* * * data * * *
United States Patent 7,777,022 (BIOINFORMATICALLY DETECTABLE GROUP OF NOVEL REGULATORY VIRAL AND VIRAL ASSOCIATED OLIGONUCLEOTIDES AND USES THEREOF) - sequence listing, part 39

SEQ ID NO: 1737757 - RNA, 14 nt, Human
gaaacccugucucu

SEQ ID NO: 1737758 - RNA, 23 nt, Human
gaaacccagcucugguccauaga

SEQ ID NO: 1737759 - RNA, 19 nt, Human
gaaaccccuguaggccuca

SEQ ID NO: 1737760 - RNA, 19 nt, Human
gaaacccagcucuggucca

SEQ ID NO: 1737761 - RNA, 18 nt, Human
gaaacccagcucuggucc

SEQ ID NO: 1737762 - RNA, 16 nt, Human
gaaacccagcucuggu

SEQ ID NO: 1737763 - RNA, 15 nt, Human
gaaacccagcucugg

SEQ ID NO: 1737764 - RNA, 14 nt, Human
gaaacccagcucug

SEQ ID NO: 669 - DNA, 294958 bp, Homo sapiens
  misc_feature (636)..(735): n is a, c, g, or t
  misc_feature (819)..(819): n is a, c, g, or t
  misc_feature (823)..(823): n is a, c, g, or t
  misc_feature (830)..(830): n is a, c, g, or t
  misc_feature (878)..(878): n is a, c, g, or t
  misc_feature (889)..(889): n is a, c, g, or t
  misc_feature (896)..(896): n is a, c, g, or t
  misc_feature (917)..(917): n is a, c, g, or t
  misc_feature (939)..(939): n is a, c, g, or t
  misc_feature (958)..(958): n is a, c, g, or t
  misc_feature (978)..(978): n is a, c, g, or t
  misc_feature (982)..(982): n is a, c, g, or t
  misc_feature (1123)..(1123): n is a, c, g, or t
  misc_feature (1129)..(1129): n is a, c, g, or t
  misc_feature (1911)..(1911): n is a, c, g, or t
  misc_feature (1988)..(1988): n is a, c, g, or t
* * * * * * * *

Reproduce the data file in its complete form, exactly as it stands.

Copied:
United States Patent 7,777,022 (BIOINFORMATICALLY DETECTABLE GROUP OF NOVEL REGULATORY VIRAL AND VIRAL ASSOCIATED OLIGONUCLEOTIDES AND USES THEREOF) - sequence listing, part 39

SEQ ID NO: 1737757 - RNA, 14 nt, Human
gaaacccugucucu

SEQ ID NO: 1737758 - RNA, 23 nt, Human
gaaacccagcucugguccauaga

SEQ ID NO: 1737759 - RNA, 19 nt, Human
gaaaccccuguaggccuca

SEQ ID NO: 1737760 - RNA, 19 nt, Human
gaaacccagcucuggucca

SEQ ID NO: 1737761 - RNA, 18 nt, Human
gaaacccagcucuggucc

SEQ ID NO: 1737762 - RNA, 16 nt, Human
gaaacccagcucuggu

SEQ ID NO: 1737763 - RNA, 15 nt, Human
gaaacccagcucugg

SEQ ID NO: 1737764 - RNA, 14 nt, Human
gaaacccagcucug

SEQ ID NO: 669 - DNA, 294958 bp, Homo sapiens
  misc_feature (636)..(735): n is a, c, g, or t
  misc_feature (819)..(819): n is a, c, g, or t
  misc_feature (823)..(823): n is a, c, g, or t
  misc_feature (830)..(830): n is a, c, g, or t
  misc_feature (878)..(878): n is a, c, g, or t
  misc_feature (889)..(889): n is a, c, g, or t
  misc_feature (896)..(896): n is a, c, g, or t
  misc_feature (917)..(917): n is a, c, g, or t
  misc_feature (939)..(939): n is a, c, g, or t
  misc_feature (958)..(958): n is a, c, g, or t
  misc_feature (978)..(978): n is a, c, g, or t
  misc_feature (982)..(982): n is a, c, g, or t
  misc_feature (1123)..(1123): n is a, c, g, or t
  misc_feature (1129)..(1129): n is a, c, g, or t
  misc_feature (1911)..(1911): n is a, c, g, or t
  misc_feature (1988)..(1988): n is a, c, g, or t